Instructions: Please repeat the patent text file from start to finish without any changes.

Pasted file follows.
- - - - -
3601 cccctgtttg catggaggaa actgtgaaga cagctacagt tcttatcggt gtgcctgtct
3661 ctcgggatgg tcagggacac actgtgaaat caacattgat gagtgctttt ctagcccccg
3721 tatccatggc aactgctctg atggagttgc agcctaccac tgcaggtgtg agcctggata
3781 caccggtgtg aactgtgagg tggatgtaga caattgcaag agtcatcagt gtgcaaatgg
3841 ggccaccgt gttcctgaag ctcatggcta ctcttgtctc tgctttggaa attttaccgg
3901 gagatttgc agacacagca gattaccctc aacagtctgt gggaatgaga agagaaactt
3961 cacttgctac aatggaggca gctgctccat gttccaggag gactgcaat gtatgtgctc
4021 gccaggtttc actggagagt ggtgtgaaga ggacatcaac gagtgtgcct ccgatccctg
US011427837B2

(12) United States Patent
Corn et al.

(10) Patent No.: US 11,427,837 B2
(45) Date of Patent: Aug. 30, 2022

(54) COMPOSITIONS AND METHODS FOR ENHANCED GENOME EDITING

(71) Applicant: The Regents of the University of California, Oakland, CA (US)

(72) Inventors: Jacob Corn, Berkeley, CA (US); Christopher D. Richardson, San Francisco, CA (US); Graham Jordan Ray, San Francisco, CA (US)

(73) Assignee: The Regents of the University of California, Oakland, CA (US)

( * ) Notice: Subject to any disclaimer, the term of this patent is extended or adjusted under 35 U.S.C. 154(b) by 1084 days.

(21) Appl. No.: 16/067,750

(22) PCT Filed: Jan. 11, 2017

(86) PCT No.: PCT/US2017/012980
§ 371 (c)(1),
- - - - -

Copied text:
3601 cccctgtttg catggaggaa actgtgaaga cagctacagt tcttatcggt gtgcctgtct
3661 ctcgggatgg tcagggacac actgtgaaat caacattgat gagtgctttt ctagcccccg
3721 tatccatggc aactgctctg atggagttgc agcctaccac tgcaggtgtg agcctggata
3781 caccggtgtg aactgtgagg tggatgtaga caattgcaag agtcatcagt gtgcaaatgg
3841 ggccaccgt gttcctgaag ctcatggcta ctcttgtctc tgctttggaa attttaccgg
3901 gagatttgc agacacagca gattaccctc aacagtctgt gggaatgaga agagaaactt
3961 cacttgctac aatggaggca gctgctccat gttccaggag gactgcaat gtatgtgctc
4021 gccaggtttc actggagagt ggtgtgaaga ggacatcaac gagtgtgcct ccgatccctg
US011427837B2

(12) United States Patent
Corn et al.

(10) Patent No.: US 11,427,837 B2
(45) Date of Patent: Aug. 30, 2022

(54) COMPOSITIONS AND METHODS FOR ENHANCED GENOME EDITING

(71) Applicant: The Regents of the University of California, Oakland, CA (US)

(72) Inventors: Jacob Corn, Berkeley, CA (US); Christopher D. Richardson, San Francisco, CA (US); Graham Jordan Ray, San Francisco, CA (US)

(73) Assignee: The Regents of the University of California, Oakland, CA (US)

( * ) Notice: Subject to any disclaimer, the term of this patent is extended or adjusted under 35 U.S.C. 154(b) by 1084 days.

(21) Appl. No.: 16/067,750

(22) PCT Filed: Jan. 11, 2017

(86) PCT No.: PCT/US2017/012980
§ 371 (c)(1),